FOOD ADDITIVES and seasoning was used a great deal in cooking. They had 21 different names for the different vegetable oils, obtained from sources like sesame, castor, flax seed, radish seed, horseradish, safflower and colocynth. Also, salt, aniseed, cinnamon, coriander, cumin, dill, fennel, fenugeek, marjoram, mustard and thyme was very popular. Sugar did not appear at this time, but syrups made from dates, grapes and figs were used for sweetening purposes.

MEAT. Game was hunted. Some kept various kinds of domesticated animals for meat such as geese, cattle and Oryx antelopes (which were used for temple offerings). Beef was expensive and mainly for Royalty. The poor preferred poultry. Most of the edible fish from the Nile was eaten, except the species that were connected to the Egyptian God Osiris.

WINE and ancient Egypt have a very rich history. The Egyptian word for wine “jrp” predates any other known word for wine. Both red and white wines were available to everyone. For most of ancient Egyptian history, wine was mostly drank at the courts of the Pharaohs. It was a “common” drink for the rich and powerful.

BREAD was a staple food, and because it was made differently to today using crude utensils, several unwanted ingredients were mixed in, thus the bread was rougher and harder, but still the biggest part of the ancient Egyptians’ diet.

BEER was the most popular drink. Beer was the preferred drink for everybody, from the gods to the children, rich and poor. Beer was drunk with every meal and was a part of the workers “wages”. It was considered healthier to drink than water from the Nile, rivers and canals which were often polluted.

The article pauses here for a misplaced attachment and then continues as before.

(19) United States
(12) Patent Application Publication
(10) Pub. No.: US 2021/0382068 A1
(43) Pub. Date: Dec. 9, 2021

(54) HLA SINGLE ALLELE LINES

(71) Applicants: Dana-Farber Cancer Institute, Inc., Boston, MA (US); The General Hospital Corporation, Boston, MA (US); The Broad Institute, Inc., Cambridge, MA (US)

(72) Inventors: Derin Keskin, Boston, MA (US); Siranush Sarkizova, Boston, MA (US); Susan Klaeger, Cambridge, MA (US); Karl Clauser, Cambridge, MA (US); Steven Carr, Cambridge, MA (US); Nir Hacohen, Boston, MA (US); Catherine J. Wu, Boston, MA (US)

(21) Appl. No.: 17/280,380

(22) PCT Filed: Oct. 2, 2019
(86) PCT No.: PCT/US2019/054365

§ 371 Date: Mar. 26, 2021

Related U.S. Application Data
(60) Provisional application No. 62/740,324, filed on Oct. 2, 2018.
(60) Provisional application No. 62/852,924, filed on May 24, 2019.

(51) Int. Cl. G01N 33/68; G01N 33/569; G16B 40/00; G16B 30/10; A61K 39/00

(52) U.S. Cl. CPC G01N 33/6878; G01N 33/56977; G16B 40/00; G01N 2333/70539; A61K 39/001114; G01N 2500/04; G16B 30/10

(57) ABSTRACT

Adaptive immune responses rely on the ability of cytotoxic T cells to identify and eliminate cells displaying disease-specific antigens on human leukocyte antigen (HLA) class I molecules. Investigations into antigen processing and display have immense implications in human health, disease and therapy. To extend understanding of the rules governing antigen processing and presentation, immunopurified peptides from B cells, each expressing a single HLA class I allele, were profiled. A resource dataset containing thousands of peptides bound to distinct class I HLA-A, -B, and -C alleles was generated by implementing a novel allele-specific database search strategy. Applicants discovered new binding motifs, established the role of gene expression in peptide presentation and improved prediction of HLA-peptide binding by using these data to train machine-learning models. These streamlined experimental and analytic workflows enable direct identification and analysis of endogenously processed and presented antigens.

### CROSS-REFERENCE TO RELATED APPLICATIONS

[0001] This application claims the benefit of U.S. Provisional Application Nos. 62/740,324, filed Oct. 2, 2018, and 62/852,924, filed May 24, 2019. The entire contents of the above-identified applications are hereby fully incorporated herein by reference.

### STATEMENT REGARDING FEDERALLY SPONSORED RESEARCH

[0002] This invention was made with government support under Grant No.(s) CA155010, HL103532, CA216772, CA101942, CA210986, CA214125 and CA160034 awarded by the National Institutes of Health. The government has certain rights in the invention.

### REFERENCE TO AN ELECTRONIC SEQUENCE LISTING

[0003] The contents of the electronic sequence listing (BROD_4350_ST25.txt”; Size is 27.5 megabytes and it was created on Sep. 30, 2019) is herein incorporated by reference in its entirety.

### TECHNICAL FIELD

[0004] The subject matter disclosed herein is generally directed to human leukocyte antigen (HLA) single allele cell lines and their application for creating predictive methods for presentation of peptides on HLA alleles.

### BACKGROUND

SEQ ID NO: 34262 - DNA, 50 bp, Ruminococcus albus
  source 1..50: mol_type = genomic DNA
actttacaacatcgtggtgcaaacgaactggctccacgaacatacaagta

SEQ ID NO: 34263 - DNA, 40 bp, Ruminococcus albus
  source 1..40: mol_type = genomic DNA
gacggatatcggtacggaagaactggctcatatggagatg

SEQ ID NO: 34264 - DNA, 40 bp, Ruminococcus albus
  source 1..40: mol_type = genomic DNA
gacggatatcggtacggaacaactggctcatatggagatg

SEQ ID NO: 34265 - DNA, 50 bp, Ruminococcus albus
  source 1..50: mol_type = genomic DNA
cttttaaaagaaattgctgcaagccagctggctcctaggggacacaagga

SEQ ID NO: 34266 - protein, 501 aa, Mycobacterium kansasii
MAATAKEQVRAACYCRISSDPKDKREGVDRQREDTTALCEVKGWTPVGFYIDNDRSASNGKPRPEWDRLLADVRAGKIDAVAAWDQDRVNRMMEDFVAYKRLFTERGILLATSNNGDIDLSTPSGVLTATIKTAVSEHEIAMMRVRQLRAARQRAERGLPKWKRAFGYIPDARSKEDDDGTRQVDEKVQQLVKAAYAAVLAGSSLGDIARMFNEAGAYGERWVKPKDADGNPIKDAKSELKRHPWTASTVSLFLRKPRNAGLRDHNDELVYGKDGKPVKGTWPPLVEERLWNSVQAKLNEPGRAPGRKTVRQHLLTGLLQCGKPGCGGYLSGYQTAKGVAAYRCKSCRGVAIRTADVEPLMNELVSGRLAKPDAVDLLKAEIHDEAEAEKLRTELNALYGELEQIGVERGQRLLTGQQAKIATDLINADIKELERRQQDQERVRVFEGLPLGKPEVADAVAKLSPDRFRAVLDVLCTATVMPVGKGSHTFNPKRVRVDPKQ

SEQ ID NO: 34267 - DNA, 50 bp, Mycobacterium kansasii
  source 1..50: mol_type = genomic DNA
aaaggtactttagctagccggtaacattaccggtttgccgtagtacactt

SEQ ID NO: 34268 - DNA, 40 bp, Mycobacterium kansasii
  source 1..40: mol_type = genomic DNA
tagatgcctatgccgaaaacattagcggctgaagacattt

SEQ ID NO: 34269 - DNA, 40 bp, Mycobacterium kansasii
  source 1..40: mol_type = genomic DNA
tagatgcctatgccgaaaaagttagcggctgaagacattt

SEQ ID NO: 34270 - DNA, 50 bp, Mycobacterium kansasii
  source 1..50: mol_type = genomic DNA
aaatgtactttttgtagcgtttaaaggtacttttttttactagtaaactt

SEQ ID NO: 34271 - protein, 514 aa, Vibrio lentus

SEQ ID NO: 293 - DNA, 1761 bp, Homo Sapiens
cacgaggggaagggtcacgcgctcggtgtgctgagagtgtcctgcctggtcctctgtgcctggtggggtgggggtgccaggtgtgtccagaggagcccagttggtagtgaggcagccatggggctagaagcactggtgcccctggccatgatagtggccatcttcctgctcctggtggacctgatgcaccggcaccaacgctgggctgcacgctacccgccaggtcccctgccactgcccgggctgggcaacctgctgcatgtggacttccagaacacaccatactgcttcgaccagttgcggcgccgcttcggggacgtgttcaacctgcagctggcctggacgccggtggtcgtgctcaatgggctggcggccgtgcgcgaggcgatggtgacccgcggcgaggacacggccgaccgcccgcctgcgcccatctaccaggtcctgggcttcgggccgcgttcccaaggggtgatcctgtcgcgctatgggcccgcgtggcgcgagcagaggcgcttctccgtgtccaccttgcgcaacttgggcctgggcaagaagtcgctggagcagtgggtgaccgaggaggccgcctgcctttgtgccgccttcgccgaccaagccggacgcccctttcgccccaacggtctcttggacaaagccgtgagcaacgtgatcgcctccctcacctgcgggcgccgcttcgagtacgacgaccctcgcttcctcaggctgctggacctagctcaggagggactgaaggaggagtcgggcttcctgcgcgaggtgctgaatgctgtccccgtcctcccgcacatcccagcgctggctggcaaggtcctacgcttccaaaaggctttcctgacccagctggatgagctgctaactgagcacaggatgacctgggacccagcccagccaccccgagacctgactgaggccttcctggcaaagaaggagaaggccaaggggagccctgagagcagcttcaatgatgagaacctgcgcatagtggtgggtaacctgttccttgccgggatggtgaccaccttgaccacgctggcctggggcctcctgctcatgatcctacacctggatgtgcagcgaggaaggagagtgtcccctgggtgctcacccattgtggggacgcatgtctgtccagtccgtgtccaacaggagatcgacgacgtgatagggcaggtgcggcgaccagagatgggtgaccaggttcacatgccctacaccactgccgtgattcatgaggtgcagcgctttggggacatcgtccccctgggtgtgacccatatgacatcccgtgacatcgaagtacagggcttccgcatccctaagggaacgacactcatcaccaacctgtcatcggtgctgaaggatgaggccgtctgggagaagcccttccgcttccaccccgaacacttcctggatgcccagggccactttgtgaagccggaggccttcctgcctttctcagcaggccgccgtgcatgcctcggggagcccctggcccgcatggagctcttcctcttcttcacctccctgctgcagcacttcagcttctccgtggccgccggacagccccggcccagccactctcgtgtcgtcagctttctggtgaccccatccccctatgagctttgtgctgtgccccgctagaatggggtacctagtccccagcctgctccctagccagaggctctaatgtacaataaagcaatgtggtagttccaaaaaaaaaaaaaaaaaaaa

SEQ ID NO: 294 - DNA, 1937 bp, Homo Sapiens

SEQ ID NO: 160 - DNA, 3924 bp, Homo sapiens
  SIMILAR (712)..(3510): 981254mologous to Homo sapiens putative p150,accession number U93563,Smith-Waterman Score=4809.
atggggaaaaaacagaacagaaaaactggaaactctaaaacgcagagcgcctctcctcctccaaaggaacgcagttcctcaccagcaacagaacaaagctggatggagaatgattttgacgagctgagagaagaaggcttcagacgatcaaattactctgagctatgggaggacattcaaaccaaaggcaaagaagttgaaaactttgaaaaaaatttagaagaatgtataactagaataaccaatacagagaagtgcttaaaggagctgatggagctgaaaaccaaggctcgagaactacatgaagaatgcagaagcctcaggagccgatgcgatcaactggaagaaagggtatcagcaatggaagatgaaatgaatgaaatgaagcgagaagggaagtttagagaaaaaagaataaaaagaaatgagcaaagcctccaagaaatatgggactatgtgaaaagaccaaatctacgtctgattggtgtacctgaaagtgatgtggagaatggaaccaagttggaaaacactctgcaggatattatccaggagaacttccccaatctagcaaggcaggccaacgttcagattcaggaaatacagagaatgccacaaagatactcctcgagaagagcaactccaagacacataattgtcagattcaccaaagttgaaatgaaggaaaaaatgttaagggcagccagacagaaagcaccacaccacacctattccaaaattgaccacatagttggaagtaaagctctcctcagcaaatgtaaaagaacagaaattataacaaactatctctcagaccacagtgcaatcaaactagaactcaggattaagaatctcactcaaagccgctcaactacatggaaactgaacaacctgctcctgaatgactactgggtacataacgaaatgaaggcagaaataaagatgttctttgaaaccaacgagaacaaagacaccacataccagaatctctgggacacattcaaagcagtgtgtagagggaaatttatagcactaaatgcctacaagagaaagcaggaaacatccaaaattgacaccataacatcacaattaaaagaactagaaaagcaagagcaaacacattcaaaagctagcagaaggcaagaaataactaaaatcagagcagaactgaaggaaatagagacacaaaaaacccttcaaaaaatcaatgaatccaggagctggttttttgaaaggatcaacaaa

From the rich to the poor, all enjoyed being fed well, with several food options available. Food was baked, boiled, grilled, stewed, fried, roasted and served with seasoning, along with beer and occasionally wine.


Clothing and fashion cantered around the hot, dry climate. Light colours and light feeling fabrics were a necessity in the desert of Egypt where temperatures often soar to over 100 degrees Fahrenheit (37.7 Celsius). From Royalty to peasants, Egyptian clothing did not vary too much from the basic loincloth and dress. What distinguished someone who was a higher social status in Egyptian culture was mainly the quality of the fabric and the decorations. The typical ancient Egyptian dress included linen tunics with hanging fringes called “Kalasiris.” The length of the skirt varied depending on what was fashionable at the time. Although worn for thousands of years, no actual Kalasiris have ever been discovered. With the tiny exception of tiny bits of silk, wool and cotton, linen was predominantly used in ancient Egyptian clothing for thousands of years --- throughout the Old, Middle and New Kingdoms. Children often did not wear clothing at all until about the age of six. At that age, they wore the same clothing as men and women.